The sense of intimacy and human connection is felt strongly in Two Reclining Figures, with his figures positioned lying beside one another, resting partly on their sides. The male lies behind the female figure, his right hip and thigh lifted toward her, creating a feeling of tenderness and protection towards his partner. Physically joined at the hip, the figures present a sense of togetherness and unity. This is felt not only physically but psychologically, through the tenderness of their relaxed pose. There is an increased naturalism in Chadwick’s work of the 1970s, which can be seen in Two Reclining Figures, in the organic modelling of the female’s torso and breasts. Dennis Farr reiterates, ‘There too is a new tenderness in his work: in Two Reclining Figures a man and a woman loll contentedly side by side, as if sunbathing on the seashore or replete after a picnic on the grass. The woman’s breasts are delicately modelled, the nipples naturalistically described. The male figure is clad and chunkily modelled, his sharply angular shape contrasted with the softer contours of the woman’ (D. Farr, exhibition catalogue, op. cit., p. 77).

During this period, Chadwick’s figures become increasingly about being, rather than doing. This transposition was reflected in how he referred to his new figures, calling them ‘Presences’ as opposed to ‘Watchers’. Chadwick explained, ‘I used to call them “Watchers”, but no longer. Sometimes they are not watching anything. What they are doing is illustrating a relationship – a physical relationship – between people’ (L. Chadwick, quoted in M. Bird, op.cit., p. 147).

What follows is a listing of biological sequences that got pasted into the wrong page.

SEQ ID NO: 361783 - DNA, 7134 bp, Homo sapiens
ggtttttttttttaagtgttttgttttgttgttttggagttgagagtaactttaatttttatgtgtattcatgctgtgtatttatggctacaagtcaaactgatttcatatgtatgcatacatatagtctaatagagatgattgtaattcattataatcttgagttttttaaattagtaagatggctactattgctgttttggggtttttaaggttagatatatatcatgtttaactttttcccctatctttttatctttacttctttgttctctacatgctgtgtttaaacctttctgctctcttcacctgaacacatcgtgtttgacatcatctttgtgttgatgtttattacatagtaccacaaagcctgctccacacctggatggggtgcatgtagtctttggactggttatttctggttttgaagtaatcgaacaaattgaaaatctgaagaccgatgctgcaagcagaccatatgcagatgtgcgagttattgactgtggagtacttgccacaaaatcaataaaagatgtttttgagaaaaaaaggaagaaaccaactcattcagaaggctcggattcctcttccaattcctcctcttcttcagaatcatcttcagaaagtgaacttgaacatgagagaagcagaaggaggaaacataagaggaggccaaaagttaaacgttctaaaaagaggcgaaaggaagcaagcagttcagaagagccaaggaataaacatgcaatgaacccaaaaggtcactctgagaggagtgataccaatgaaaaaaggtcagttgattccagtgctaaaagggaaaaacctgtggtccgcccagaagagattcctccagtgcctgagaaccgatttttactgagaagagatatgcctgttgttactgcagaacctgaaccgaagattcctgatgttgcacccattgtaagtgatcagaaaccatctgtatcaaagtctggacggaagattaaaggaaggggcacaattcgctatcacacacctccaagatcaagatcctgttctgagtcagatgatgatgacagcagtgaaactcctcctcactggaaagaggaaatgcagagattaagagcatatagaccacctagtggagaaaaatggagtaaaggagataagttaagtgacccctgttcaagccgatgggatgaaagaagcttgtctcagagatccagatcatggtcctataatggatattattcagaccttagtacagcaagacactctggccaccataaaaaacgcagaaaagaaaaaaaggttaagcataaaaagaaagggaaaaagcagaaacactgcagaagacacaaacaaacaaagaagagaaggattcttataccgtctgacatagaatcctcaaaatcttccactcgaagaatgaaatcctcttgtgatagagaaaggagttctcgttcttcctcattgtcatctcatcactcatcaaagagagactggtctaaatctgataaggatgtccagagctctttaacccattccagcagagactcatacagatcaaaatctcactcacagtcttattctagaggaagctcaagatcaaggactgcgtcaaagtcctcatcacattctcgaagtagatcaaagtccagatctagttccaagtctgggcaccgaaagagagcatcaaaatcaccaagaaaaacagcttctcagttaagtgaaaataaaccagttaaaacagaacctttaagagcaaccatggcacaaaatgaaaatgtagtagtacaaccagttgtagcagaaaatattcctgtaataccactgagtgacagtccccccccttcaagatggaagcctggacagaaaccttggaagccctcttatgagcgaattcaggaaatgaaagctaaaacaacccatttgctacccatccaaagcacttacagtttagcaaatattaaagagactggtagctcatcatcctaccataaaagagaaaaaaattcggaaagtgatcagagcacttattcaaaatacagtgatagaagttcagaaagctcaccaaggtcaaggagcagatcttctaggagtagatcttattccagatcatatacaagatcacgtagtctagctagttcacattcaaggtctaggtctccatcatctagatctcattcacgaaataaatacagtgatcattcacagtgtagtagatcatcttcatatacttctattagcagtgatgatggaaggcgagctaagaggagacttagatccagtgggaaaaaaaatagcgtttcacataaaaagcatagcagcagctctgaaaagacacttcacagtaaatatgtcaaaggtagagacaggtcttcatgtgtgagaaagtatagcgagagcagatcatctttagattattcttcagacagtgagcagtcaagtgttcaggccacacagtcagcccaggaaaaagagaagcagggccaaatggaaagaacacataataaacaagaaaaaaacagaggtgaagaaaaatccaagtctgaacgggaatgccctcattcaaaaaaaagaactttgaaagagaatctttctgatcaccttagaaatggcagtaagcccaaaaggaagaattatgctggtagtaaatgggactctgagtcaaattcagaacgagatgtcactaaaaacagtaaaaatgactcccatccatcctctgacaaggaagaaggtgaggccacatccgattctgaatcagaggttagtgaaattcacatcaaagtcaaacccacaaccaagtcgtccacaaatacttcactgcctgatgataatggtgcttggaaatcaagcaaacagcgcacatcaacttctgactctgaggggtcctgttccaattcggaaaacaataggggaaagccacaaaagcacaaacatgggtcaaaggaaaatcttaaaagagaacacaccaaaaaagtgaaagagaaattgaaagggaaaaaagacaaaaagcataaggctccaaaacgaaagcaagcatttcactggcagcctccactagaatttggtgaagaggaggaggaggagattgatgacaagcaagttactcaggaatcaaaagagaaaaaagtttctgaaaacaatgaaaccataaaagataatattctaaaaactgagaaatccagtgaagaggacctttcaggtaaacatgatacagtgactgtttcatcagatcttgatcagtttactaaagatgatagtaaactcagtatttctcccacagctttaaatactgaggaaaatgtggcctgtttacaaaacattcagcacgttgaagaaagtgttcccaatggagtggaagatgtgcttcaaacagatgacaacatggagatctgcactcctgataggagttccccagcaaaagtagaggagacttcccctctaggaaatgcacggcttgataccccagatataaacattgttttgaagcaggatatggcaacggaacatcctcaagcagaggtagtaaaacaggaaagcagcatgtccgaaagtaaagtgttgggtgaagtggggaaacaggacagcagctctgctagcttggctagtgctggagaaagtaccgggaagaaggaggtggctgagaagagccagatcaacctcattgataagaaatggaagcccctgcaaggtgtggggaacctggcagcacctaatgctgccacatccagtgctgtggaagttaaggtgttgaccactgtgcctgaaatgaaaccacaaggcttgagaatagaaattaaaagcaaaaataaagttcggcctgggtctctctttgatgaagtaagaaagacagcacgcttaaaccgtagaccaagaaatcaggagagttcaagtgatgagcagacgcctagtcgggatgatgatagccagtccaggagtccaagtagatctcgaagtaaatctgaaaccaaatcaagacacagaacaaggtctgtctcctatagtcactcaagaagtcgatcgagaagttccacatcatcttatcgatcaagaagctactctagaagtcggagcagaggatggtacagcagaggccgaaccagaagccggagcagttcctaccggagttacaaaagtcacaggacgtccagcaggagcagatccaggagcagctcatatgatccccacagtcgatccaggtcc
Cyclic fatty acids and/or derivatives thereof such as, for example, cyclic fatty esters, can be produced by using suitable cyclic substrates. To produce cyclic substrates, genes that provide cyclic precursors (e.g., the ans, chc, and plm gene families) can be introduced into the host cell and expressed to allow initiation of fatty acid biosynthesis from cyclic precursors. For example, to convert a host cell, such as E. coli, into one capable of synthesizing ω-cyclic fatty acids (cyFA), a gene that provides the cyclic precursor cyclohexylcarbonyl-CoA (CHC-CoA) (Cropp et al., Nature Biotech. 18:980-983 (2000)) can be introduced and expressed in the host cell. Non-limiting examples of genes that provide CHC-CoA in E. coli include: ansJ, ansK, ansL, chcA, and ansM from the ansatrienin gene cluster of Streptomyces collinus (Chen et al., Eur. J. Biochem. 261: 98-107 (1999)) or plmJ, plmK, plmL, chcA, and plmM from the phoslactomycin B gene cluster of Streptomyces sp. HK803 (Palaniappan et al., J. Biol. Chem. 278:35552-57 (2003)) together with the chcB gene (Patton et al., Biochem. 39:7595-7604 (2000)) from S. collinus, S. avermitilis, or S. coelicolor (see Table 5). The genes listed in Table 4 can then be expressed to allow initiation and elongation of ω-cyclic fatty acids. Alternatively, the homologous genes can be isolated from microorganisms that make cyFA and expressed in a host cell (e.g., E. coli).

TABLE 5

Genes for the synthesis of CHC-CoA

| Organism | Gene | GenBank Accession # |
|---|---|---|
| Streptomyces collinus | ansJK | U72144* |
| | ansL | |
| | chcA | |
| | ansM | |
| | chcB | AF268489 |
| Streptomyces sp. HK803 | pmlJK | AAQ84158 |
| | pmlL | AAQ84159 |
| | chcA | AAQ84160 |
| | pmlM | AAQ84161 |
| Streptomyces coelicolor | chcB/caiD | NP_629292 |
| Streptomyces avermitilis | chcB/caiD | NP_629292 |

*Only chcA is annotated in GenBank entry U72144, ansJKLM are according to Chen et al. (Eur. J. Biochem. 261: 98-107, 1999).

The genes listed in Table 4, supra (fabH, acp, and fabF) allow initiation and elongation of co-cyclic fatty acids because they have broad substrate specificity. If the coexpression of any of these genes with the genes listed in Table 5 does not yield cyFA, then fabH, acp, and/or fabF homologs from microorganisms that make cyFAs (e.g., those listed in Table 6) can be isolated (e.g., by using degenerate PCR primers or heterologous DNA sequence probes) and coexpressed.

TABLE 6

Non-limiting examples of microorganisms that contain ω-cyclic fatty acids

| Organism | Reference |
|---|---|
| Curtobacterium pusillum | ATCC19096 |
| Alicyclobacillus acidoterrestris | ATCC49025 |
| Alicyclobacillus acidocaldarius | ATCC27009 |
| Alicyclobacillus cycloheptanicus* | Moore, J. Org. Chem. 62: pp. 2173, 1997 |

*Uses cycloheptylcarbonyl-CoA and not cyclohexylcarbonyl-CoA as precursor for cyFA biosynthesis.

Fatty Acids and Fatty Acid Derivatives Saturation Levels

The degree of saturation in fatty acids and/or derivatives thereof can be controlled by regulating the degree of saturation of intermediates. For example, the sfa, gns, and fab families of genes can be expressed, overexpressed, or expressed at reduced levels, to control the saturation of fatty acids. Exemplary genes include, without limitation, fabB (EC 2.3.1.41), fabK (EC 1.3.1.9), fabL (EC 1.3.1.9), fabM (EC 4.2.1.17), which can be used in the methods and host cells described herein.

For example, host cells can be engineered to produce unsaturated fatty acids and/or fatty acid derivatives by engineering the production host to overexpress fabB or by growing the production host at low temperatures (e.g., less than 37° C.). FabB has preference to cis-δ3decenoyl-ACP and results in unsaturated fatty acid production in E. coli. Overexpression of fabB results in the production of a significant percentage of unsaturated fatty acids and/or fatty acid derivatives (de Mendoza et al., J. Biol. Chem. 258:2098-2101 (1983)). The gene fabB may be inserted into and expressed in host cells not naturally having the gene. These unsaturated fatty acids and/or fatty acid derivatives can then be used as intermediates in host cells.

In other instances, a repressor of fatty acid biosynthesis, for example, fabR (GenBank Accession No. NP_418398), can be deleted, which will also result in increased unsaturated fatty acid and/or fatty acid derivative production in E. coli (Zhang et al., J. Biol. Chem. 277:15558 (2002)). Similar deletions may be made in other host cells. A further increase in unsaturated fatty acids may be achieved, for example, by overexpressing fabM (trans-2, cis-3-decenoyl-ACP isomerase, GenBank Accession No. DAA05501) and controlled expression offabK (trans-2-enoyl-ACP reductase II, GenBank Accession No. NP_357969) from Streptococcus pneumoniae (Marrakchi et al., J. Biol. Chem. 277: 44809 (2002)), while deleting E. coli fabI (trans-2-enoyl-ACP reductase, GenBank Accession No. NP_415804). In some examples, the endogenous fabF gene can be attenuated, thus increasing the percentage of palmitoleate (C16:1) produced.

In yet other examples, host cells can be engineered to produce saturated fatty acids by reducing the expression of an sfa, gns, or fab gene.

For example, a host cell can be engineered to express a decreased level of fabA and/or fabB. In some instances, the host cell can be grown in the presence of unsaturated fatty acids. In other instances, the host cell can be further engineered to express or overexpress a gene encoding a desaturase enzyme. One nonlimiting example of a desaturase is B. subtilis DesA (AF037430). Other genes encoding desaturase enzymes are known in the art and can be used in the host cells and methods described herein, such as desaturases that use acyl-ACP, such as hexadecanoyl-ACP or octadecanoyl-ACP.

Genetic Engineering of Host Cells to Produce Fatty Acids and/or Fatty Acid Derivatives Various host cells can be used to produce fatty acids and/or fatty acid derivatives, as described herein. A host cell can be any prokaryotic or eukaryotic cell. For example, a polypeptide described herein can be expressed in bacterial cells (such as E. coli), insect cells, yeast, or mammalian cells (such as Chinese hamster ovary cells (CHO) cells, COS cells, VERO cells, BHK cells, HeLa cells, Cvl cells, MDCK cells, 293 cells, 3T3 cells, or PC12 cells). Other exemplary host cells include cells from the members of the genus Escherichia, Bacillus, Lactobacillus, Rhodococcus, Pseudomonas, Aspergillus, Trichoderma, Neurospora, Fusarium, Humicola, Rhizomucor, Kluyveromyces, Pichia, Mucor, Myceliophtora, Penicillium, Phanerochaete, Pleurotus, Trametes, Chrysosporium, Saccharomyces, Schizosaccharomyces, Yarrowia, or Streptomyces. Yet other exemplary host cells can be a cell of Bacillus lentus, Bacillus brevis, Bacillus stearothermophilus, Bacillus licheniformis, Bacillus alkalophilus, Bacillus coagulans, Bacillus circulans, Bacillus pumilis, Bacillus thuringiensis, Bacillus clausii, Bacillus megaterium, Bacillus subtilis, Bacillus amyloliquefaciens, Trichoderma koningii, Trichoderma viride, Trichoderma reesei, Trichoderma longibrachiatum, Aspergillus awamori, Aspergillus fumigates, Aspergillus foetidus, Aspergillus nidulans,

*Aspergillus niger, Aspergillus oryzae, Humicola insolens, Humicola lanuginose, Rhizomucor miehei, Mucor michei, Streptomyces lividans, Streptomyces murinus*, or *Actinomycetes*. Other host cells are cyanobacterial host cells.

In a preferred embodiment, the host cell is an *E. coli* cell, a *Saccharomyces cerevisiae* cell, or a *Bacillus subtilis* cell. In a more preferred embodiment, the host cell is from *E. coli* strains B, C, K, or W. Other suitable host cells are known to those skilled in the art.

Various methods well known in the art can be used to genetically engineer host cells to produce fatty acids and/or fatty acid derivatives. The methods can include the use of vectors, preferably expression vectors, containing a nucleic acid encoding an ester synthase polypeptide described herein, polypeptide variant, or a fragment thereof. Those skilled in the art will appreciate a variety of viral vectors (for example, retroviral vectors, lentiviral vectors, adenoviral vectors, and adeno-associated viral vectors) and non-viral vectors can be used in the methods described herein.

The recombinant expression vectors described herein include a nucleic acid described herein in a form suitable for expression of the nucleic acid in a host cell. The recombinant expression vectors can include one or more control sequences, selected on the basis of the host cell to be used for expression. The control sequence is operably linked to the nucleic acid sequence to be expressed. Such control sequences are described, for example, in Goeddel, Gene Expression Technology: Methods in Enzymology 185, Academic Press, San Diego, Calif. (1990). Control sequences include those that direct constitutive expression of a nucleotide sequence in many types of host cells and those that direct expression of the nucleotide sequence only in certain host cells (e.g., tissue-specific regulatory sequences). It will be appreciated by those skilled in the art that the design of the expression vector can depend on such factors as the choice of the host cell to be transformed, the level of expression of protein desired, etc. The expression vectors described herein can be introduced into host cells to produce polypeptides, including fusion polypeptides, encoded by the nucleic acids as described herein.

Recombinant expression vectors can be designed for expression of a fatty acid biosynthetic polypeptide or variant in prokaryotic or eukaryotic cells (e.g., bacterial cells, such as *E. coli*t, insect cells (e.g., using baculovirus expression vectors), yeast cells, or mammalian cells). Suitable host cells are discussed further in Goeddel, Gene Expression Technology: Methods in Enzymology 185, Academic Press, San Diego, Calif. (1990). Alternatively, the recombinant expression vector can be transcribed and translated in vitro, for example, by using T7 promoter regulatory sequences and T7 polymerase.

One of the most striking elements of Chadwick’s sculpture is his ability to imbue a human quality in his work through the subtle nuances of stance and his careful calculation of line and form, which is evident in the present work. A sense of mass, order and design is inherent in all Chadwick’s works, as is the balance between figuration and abstraction. Chadwick believed in the intuitive nature of artistic creation and strove to instil his forms with ‘attitude’ and the essence of humanity, rather than capture a naturalistic representation of the figure. He saw that the expression of this ‘essence’ was fundamental to the power and character of his work. Chadwick successfully created a unique and distinctive vernacular, which speaks of archetypal characters and timeless universal symbols, which can be seen to powerful effect in Two Reclining Figures.

By 1972 Chadwick had long gained international recognition and was widely regarded as one of the most significant sculptors of the 20th Century to emerge from Britain. In this year he held solo exhibitions in Milan, Geneva, Toronto, Montreal and Quebec. A year before Two Reclining Figures was conceived, Chadwick and his wife Eva, also established their own foundry at Lypiatt Park, Gloucestershire, which saw a period of increased financial security and creativity for the artist.

We are very grateful to Sarah Chadwick for her assistance in preparing this catalogue entry.